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Human Ecology

, Volume 25, Issue 2, pp 197–222 | Cite as

Transmission of Indigenous Knowledge and Bush Skills Among the Western James Bay Cree Women of Subarctic Canada

  • Kayo Ohmagari
  • Fikret Berkes
Article

Abstract

The transmission of 93 items of women's indigenous knowledge and bush skills was studied in two subarctic Omushkego (West Main) Cree Indian communities, Moose Factory and Peawanuck, Ontario, Canada. About half of all bush skills were still being transmitted at the “hands-on” learning stage. Some skills such as setting snares and fishnets, beadwork, smoking geese, and tanning moose and caribou hides were transmitted well. Many skills no longer essential for livelihoods, such as some fur preparation skills and food preservation techniques, were not. Loss of certain skills and incomplete transmission of others (a lower level of mastery than in older generations) were attributable to changes in the educational environment, diminished time available in the bush, problems related to learning bush skills at later ages, and changes in value systems. These factors seemed to impair the traditional mode of education based on participant observation and apprenticeship in the bush, which provided the essential self-disciplining educational environment. Policy measures to counteract these trends may include the institution of a hunters' income security program to provide incentives for family units to go on the land, rather than all-male hunting parties.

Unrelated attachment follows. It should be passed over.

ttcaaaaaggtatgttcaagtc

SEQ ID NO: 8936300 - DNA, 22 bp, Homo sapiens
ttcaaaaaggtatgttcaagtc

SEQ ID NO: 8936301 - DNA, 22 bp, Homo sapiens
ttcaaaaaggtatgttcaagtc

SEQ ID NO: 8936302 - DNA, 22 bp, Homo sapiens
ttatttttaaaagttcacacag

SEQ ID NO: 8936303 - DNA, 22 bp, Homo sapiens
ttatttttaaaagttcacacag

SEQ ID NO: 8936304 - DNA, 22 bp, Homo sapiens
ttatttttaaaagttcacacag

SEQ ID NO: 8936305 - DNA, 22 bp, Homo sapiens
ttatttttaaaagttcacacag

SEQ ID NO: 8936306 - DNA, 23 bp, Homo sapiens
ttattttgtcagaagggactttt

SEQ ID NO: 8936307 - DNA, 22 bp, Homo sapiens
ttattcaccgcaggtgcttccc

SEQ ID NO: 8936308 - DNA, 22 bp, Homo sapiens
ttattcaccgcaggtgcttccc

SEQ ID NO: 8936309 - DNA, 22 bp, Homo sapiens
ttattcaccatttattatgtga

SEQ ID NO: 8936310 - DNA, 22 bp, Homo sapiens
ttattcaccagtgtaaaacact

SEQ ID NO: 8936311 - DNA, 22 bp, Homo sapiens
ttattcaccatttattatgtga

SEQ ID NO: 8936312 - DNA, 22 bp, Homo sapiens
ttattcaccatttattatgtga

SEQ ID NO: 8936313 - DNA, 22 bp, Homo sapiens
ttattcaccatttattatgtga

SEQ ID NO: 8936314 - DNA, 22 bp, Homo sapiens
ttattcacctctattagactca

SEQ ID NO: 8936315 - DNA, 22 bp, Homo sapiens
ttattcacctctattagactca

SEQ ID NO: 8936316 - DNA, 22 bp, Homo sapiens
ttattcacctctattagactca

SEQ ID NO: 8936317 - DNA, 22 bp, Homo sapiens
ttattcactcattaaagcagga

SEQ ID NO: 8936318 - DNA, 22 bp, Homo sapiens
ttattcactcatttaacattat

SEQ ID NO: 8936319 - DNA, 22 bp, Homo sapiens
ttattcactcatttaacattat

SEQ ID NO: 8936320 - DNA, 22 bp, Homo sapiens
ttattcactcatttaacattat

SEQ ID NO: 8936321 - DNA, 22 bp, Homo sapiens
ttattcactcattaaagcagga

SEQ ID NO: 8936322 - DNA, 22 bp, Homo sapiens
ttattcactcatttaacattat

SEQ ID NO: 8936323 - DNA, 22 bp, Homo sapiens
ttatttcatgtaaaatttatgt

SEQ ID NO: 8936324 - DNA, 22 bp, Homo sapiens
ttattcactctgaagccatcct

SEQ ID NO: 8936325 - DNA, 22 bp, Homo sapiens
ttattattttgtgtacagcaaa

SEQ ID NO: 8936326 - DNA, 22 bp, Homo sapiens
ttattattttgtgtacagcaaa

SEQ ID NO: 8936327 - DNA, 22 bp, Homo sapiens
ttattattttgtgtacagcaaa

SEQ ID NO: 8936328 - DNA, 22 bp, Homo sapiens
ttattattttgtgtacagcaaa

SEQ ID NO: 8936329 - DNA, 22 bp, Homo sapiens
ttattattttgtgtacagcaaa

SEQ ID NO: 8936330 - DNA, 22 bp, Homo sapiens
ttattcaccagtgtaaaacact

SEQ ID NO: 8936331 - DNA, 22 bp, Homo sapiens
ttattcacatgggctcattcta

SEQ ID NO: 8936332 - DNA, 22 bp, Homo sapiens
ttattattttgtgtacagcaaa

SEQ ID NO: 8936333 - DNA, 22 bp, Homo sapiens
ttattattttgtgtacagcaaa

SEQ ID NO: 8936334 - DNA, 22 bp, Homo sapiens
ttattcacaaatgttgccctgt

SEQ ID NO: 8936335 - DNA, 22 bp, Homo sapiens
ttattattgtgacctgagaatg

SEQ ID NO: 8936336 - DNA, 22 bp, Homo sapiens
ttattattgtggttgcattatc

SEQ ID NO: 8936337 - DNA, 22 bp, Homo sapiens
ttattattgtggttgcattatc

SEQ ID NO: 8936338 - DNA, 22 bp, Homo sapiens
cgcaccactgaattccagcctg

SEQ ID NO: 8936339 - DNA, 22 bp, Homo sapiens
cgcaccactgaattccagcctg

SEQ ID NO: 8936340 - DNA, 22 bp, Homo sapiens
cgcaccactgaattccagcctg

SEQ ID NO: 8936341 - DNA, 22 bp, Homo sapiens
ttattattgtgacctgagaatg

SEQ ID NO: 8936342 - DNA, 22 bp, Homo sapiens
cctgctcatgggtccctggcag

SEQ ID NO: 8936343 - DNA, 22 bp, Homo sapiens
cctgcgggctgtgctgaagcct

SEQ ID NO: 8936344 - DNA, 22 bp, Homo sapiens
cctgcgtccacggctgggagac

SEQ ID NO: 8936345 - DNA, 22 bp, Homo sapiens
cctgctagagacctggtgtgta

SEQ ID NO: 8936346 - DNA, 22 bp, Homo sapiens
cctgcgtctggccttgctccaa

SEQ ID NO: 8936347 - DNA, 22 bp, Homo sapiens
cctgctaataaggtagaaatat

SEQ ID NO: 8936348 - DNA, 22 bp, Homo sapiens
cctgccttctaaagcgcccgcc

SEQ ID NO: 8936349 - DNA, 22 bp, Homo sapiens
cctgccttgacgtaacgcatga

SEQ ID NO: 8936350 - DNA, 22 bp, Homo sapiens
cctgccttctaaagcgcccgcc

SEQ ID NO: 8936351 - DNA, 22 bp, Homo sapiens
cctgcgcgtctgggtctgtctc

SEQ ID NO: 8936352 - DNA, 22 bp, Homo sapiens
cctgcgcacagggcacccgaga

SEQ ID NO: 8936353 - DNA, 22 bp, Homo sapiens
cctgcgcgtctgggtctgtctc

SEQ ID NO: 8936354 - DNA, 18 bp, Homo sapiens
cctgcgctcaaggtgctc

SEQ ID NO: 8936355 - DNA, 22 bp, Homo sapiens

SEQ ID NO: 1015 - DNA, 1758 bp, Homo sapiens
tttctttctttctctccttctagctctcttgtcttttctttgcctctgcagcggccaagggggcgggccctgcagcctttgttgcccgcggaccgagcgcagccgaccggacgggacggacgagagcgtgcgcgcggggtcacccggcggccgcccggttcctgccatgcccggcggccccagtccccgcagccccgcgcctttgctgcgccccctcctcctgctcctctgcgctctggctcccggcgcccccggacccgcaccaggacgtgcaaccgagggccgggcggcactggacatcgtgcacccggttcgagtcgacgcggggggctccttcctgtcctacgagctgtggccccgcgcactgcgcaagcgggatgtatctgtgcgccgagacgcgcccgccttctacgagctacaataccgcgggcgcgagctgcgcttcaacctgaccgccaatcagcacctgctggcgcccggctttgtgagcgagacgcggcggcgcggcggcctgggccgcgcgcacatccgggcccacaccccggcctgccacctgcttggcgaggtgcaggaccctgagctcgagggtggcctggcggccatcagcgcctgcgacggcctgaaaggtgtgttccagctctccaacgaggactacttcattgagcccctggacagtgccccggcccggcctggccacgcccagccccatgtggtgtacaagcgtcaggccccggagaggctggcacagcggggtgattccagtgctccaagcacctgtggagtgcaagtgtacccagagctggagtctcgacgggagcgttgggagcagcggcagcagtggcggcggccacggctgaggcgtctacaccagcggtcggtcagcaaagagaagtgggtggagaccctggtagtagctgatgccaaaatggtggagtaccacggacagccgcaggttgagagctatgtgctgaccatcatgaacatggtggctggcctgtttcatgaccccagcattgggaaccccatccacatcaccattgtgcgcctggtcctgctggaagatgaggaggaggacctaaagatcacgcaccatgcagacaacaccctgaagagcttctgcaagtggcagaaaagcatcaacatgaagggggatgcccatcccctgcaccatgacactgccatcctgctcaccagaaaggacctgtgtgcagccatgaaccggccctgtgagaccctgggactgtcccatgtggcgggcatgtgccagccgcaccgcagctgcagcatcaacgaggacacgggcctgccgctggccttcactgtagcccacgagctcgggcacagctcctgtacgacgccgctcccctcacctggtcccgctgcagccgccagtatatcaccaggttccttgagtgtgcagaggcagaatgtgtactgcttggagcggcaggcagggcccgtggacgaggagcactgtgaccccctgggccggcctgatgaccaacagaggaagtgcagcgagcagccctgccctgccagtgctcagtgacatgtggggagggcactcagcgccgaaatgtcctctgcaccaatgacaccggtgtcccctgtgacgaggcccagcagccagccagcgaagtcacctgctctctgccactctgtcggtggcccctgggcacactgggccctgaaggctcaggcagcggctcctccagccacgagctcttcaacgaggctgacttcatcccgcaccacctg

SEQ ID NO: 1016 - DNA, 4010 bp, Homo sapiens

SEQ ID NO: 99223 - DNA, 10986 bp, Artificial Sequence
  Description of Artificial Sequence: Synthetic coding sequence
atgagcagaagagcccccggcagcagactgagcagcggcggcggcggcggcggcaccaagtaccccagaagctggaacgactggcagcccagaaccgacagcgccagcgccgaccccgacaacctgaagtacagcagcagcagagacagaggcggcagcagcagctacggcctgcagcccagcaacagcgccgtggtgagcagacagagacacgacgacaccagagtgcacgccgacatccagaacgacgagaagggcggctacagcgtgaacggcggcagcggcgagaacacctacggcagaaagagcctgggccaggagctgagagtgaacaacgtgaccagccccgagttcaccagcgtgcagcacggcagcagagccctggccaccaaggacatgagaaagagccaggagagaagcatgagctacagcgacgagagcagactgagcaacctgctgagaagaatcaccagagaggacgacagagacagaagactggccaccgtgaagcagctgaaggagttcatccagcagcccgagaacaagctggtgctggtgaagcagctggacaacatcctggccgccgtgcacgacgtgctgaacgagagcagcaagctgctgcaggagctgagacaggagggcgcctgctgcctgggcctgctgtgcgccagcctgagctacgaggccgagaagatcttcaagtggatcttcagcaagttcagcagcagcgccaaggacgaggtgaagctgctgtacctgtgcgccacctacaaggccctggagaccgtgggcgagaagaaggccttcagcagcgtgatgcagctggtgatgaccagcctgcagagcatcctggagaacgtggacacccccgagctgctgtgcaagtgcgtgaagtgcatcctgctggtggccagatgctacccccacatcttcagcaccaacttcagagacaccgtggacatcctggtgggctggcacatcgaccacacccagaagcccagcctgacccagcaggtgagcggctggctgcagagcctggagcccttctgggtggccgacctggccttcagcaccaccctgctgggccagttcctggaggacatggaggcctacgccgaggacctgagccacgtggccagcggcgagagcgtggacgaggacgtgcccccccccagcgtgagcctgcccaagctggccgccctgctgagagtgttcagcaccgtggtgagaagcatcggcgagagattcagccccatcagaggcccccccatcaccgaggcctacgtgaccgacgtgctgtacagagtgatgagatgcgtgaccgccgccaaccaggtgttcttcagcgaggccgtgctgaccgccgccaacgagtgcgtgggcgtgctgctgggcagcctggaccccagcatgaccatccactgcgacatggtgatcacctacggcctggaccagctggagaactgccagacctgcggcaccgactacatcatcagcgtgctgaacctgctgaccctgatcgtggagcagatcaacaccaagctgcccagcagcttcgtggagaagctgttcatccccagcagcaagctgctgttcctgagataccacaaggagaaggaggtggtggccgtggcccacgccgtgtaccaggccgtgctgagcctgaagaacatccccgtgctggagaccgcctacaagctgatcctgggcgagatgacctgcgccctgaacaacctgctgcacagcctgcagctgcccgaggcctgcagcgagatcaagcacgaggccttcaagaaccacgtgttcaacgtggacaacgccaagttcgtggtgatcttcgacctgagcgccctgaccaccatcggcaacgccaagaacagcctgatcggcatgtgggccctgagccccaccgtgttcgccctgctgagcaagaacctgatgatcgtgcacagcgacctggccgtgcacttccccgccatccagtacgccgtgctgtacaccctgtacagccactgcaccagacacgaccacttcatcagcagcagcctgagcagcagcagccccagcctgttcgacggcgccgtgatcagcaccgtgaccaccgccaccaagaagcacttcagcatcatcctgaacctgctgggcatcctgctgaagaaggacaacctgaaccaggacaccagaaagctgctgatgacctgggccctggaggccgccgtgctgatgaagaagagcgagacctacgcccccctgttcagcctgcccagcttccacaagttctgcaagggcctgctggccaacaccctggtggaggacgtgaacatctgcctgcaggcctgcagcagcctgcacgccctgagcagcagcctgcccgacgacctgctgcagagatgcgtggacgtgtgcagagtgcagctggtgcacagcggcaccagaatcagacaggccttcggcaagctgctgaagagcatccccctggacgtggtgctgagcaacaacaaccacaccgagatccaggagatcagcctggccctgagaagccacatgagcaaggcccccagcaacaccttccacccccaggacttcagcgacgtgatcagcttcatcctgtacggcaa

indigenous knowledge traditional skills knowledge transmission learning livelihood systems mixed economy, subsistence Cree James Bay subarctic Canada 

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Copyright information

© Plenum Publishing Corporation 1997

Authors and Affiliations

  • Kayo Ohmagari
    • 1
  • Fikret Berkes
    • 2
  1. 1.Department of AnthropologyUniversity of ManitobaWinnipegCanada
  2. 2.Natural Resources InstituteUniversity of ManitobaWinnipegCanada

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